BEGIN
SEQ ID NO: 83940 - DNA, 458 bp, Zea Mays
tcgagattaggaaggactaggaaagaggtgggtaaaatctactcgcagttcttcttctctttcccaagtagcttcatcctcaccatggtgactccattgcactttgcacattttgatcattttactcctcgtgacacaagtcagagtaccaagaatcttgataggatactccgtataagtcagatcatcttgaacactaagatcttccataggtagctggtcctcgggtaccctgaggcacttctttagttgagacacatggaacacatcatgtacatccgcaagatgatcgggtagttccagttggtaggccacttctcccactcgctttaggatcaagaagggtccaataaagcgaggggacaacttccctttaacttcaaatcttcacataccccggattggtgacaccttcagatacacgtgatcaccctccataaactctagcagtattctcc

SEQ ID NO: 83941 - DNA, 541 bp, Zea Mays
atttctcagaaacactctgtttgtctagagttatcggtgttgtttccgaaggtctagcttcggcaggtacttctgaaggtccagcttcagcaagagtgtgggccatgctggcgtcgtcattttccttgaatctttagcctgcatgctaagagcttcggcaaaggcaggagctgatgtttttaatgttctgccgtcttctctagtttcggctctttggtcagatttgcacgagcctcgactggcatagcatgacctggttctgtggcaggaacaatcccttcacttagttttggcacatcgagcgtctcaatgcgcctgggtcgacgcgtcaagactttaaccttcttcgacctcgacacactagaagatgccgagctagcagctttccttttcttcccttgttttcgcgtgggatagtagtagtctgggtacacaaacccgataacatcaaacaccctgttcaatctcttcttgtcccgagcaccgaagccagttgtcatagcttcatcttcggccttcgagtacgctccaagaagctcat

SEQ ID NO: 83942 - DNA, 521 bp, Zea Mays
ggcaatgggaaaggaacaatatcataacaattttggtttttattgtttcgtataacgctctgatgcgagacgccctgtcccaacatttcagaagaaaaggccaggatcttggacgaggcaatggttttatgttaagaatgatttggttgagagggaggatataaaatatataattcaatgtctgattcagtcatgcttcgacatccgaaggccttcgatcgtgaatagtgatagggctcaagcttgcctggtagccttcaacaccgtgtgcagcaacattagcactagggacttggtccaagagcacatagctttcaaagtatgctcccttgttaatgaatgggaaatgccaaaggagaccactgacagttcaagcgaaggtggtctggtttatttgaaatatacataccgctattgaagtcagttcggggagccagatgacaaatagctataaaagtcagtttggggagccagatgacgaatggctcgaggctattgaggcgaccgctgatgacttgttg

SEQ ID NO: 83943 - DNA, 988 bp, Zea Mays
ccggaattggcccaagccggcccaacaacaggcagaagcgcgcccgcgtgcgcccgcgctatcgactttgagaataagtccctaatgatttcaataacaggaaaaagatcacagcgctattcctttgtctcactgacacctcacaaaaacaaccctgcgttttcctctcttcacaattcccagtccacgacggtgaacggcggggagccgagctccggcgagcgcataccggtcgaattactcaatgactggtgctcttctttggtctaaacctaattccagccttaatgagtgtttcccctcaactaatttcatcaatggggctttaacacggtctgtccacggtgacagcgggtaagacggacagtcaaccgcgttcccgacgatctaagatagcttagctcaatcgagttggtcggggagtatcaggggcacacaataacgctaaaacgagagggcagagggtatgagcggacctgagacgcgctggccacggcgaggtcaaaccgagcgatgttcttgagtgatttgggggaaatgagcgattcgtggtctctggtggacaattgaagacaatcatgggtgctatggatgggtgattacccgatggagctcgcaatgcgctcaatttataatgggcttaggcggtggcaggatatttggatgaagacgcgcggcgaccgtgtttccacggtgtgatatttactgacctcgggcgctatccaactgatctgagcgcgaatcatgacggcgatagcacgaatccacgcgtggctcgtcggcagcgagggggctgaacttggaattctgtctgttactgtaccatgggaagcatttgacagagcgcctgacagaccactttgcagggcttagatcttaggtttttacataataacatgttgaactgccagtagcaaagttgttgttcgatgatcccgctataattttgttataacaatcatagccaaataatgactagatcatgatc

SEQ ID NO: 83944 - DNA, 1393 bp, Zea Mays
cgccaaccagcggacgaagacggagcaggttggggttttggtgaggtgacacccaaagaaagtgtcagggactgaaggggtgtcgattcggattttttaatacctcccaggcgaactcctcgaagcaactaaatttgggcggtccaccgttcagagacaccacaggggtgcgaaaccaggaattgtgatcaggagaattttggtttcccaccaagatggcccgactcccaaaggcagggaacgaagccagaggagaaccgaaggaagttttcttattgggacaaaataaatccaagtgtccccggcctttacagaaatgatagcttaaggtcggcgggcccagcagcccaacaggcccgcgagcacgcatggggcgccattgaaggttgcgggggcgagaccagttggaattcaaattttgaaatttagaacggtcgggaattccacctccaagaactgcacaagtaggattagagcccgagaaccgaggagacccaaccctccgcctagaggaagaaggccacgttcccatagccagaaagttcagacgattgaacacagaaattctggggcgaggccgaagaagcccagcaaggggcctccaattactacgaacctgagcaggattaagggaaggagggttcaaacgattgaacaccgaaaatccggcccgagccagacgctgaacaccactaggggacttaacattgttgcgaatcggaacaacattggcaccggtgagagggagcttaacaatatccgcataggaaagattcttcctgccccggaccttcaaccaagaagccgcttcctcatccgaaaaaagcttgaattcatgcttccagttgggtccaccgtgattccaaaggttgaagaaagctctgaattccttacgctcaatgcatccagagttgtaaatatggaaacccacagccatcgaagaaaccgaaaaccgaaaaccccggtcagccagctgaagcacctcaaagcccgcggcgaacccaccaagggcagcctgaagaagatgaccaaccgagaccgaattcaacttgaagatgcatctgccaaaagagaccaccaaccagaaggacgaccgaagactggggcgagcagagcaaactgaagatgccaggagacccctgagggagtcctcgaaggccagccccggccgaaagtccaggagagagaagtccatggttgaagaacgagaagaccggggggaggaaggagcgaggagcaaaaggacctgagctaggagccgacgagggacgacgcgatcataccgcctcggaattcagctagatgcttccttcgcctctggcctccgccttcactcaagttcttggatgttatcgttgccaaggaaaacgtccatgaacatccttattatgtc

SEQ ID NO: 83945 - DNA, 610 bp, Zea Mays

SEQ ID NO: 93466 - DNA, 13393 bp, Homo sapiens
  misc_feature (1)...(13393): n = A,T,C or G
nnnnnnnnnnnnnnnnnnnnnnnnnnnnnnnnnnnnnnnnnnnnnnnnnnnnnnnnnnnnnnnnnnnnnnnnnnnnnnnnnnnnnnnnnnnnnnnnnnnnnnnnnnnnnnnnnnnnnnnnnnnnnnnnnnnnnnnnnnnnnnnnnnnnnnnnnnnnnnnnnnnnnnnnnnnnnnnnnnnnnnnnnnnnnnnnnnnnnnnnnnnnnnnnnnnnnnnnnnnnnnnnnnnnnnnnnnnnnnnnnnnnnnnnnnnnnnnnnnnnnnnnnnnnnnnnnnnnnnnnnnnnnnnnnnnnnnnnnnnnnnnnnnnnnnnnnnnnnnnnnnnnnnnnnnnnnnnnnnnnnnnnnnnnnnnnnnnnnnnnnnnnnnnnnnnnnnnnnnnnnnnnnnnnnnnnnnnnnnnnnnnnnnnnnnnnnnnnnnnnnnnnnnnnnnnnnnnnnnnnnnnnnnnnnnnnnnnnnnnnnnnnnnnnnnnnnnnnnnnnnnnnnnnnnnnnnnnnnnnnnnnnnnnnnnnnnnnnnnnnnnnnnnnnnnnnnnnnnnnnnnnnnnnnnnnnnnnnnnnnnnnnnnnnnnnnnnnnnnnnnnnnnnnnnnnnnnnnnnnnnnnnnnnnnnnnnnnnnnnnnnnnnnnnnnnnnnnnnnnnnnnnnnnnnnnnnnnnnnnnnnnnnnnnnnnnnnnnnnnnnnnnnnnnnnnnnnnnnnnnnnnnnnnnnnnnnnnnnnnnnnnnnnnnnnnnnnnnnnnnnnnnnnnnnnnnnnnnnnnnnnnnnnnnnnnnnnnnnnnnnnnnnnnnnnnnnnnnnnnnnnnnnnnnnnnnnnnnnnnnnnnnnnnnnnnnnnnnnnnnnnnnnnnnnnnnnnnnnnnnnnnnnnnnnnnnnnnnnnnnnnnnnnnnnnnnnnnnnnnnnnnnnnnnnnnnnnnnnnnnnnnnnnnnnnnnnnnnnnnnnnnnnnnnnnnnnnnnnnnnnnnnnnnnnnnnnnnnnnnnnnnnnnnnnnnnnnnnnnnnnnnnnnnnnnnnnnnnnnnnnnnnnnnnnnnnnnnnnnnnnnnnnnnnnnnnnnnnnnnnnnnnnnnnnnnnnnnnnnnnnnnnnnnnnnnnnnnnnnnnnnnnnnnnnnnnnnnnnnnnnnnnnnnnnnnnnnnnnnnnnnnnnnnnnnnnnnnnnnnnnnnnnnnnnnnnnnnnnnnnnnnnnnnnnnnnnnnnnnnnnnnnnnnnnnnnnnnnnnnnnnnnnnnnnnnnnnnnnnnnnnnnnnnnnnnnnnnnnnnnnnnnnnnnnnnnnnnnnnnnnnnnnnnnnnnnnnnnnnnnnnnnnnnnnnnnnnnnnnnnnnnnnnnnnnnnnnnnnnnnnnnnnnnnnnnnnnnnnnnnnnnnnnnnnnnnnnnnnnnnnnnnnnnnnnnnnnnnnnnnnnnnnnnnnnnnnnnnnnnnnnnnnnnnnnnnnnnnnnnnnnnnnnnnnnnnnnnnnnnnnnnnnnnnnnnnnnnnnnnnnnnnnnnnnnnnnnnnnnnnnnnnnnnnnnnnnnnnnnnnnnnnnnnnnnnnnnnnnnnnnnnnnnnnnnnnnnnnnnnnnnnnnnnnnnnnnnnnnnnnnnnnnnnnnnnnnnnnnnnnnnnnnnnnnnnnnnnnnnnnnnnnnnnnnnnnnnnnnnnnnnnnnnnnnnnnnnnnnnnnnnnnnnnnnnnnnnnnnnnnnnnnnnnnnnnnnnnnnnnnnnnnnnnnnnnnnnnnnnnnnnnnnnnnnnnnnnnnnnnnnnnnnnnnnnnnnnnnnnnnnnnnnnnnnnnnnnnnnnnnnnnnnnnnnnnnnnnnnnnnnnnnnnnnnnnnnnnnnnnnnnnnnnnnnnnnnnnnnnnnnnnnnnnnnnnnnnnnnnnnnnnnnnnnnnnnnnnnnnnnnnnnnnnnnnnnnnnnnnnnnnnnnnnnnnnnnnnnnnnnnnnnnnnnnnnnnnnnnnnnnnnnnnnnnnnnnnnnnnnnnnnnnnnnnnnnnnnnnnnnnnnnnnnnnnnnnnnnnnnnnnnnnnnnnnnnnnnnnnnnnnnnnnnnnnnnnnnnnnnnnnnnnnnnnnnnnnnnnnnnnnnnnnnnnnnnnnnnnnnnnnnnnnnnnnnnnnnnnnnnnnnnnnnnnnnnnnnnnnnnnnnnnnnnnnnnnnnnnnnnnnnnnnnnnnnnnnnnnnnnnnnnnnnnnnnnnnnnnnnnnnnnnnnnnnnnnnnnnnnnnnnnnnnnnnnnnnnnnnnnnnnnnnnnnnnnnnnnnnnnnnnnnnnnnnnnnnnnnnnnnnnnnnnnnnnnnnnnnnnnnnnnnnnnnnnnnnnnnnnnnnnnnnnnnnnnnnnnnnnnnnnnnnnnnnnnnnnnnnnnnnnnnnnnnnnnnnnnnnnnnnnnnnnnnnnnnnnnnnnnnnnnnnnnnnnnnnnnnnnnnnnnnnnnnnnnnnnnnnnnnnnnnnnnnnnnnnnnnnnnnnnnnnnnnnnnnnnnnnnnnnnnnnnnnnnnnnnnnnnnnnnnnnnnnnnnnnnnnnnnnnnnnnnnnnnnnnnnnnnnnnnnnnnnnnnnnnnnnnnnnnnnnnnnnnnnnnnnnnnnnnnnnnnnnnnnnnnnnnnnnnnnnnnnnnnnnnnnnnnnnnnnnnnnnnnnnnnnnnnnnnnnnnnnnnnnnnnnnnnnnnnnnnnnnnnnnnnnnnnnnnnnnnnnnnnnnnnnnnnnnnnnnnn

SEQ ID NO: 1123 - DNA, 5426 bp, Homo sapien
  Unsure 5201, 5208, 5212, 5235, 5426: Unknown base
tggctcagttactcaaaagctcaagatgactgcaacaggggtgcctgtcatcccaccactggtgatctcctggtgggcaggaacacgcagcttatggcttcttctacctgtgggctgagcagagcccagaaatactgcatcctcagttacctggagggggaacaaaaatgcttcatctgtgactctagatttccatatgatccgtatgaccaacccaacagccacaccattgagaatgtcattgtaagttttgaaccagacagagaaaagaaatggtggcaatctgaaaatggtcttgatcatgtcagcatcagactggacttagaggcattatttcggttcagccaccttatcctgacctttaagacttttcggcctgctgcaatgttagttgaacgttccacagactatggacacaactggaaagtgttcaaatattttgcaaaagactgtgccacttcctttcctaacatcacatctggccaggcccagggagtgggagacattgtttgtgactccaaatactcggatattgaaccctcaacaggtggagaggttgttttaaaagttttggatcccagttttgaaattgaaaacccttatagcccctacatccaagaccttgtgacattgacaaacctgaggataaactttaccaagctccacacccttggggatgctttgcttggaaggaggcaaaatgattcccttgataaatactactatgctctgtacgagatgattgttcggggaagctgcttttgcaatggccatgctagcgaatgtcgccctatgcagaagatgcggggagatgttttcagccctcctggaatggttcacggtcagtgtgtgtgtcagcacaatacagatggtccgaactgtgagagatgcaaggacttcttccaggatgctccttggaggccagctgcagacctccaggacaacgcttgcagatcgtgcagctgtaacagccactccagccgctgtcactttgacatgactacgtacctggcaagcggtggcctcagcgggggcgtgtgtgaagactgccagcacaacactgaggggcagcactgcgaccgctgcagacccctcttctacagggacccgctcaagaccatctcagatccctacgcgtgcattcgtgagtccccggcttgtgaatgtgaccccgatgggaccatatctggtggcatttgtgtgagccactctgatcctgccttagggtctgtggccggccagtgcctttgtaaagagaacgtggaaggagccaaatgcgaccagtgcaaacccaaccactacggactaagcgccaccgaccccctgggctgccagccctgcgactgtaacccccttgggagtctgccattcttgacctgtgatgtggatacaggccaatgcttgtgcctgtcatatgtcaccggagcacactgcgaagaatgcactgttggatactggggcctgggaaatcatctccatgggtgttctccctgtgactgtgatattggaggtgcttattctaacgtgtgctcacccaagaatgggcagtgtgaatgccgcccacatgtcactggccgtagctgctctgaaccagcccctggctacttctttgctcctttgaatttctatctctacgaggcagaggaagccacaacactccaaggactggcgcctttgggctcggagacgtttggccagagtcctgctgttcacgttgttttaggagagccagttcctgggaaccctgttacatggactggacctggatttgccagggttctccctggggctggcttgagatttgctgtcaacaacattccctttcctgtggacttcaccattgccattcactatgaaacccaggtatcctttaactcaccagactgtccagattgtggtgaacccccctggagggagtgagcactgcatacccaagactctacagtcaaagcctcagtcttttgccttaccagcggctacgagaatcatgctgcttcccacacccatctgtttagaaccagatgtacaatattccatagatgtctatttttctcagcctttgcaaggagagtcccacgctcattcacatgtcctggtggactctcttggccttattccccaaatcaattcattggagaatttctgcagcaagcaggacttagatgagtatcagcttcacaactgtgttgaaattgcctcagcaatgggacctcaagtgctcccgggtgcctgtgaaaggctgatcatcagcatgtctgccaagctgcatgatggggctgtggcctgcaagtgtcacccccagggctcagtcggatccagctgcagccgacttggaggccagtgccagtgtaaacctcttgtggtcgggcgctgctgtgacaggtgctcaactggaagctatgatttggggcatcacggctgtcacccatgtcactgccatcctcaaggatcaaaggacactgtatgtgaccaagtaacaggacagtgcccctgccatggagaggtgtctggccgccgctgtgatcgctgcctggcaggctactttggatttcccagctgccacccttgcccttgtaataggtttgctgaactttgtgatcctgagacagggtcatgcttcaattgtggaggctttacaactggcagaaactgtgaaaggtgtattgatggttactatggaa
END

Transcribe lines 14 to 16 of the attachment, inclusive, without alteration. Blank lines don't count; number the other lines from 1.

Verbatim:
nnnnnnnnnnnnnnnnnnnnnnnnnnnnnnnnnnnnnnnnnnnnnnnnnnnnnnnnnnnnnnnnnnnnnnnnnnnnnnnnnnnnnnnnnnnnnnnnnnnnnnnnnnnnnnnnnnnnnnnnnnnnnnnnnnnnnnnnnnnnnnnnnnnnnnnnnnnnnnnnnnnnnnnnnnnnnnnnnnnnnnnnnnnnnnnnnnnnnnnnnnnnnnnnnnnnnnnnnnnnnnnnnnnnnnnnnnnnnnnnnnnnnnnnnnnnnnnnnnnnnnnnnnnnnnnnnnnnnnnnnnnnnnnnnnnnnnnnnnnnnnnnnnnnnnnnnnnnnnnnnnnnnnnnnnnnnnnnnnnnnnnnnnnnnnnnnnnnnnnnnnnnnnnnnnnnnnnnnnnnnnnnnnnnnnnnnnnnnnnnnnnnnnnnnnnnnnnnnnnnnnnnnnnnnnnnnnnnnnnnnnnnnnnnnnnnnnnnnnnnnnnnnnnnnnnnnnnnnnnnnnnnnnnnnnnnnnnnnnnnnnnnnnnnnnnnnnnnnnnnnnnnnnnnnnnnnnnnnnnnnnnnnnnnnnnnnnnnnnnnnnnnnnnnnnnnnnnnnnnnnnnnnnnnnnnnnnnnnnnnnnnnnnnnnnnnnnnnnnnnnnnnnnnnnnnnnnnnnnnnnnnnnnnnnnnnnnnnnnnnnnnnnnnnnnnnnnnnnnnnnnnnnnnnnnnnnnnnnnnnnnnnnnnnnnnnnnnnnnnnnnnnnnnnnnnnnnnnnnnnnnnnnnnnnnnnnnnnnnnnnnnnnnnnnnnnnnnnnnnnnnnnnnnnnnnnnnnnnnnnnnnnnnnnnnnnnnnnnnnnnnnnnnnnnnnnnnnnnnnnnnnnnnnnnnnnnnnnnnnnnnnnnnnnnnnnnnnnnnnnnnnnnnnnnnnnnnnnnnnnnnnnnnnnnnnnnnnnnnnnnnnnnnnnnnnnnnnnnnnnnnnnnnnnnnnnnnnnnnnnnnnnnnnnnnnnnnnnnnnnnnnnnnnnnnnnnnnnnnnnnnnnnnnnnnnnnnnnnnnnnnnnnnnnnnnnnnnnnnnnnnnnnnnnnnnnnnnnnnnnnnnnnnnnnnnnnnnnnnnnnnnnnnnnnnnnnnnnnnnnnnnnnnnnnnnnnnnnnnnnnnnnnnnnnnnnnnnnnnnnnnnnnnnnnnnnnnnnnnnnnnnnnnnnnnnnnnnnnnnnnnnnnnnnnnnnnnnnnnnnnnnnnnnnnnnnnnnnnnnnnnnnnnnnnnnnnnnnnnnnnnnnnnnnnnnnnnnnnnnnnnnnnnnnnnnnnnnnnnnnnnnnnnnnnnnnnnnnnnnnnnnnnnnnnnnnnnnnnnnnnnnnnnnnnnnnnnnnnnnnnnnnnnnnnnnnnnnnnnnnnnnnnnnnnnnnnnnnnnnnnnnnnnnnnnnnnnnnnnnnnnnnnnnnnnnnnnnnnnnnnnnnnnnnnnnnnnnnnnnnnnnnnnnnnnnnnnnnnnnnnnnnnnnnnnnnnnnnnnnnnnnnnnnnnnnnnnnnnnnnnnnnnnnnnnnnnnnnnnnnnnnnnnnnnnnnnnnnnnnnnnnnnnnnnnnnnnnnnnnnnnnnnnnnnnnnnnnnnnnnnnnnnnnnnnnnnnnnnnnnnnnnnnnnnnnnnnnnnnnnnnnnnnnnnnnnnnnnnnnnnnnnnnnnnnnnnnnnnnnnnnnnnnnnnnnnnnnnnnnnnnnnnnnnnnnnnnnnnnnnnnnnnnnnnnnnnnnnnnnnnnnnnnnnnnnnnnnnnnnnnnnnnnnnnnnnnnnnnnnnnnnnnnnnnnnnnnnnnnnnnnnnnnnnnnnnnnnnnnnnnnnnnnnnnnnnnnnnnnnnnnnnnnnnnnnnnnnnnnnnnnnnnnnnnnnnnnnnnnnnnnnnnnnnnnnnnnnnnnnnnnnnnnnnnnnnnnnnnnnnnnnnnnnnnnnnnnnnnnnnnnnnnnnnnnnnnnnnnnnnnnnnnnnnnnnnnnnnnnnnnnnnnnnnnnnnnnnnnnnnnnnnnnnnnnnnnnnnnnnnnnnnnnnnnnnnnnnnnnnnnnnnnnnnnnnnnnnnnnnnnnnnnnnnnnnnnnnnnnnnnnnnnnnnnnnnnnnnnnnnnnnnnnnnnnnnnnnnnnnnnnnnnnnnnnnnnnnnnnnnnnnnnnnnnnnnnnnnnnnnnnnnnnnnnnnnnnnnnnnnnnnnnnnnnnnnnnnnnnnnnnnnnnnnnnnnnnnnnnnnnnnnnnnnnnnnnnnnnnnnnnnnnnnnnnnnnnnnnnnnnnnnnnnnnnnnnnnnnnnnnnnnnnnnnnnnnnnnnnnnnnnnnnnnnnnnnnnnnnnnnnnnnnnnnnnnnnnnnnnnnnnnnnnnnnnnnnnnnnnnnnnnnnnnnnnnnnnnnnnnnnnnnnnnnnnnnnnnnnnnnnnnnnnnnnnnnnnnnnnnnnnnnnnnnnnnnnnnnnnnnnnnnnnnnnnnnnnnnnnnnnnnnnnnnnnnnnnnnnnnnnnnnnnnnnnnnnnnnnnnnnnnnnnnnnnnnnnnnnnnnnnnnnnnnnnnnnnnnnnnnnnnnnnnnnnnnnnnnnnnnnnnnnnnnnnnnnnnnnnnnnnnnnnnnnnnnnnnnnnnnnnnnnnnnnnnnnnnnnnnnnnnnnnnnnnnnnnnnnnnnnnnnnnnnnnnnnnnnnnnnnnnnnnnnnnnnnnnnnnnnnnnnnnnnnnnnnnnnnnnnnnnnnn

SEQ ID NO: 1123 - DNA, 5426 bp, Homo sapien
  Unsure 5201, 5208, 5212, 5235, 5426: Unknown base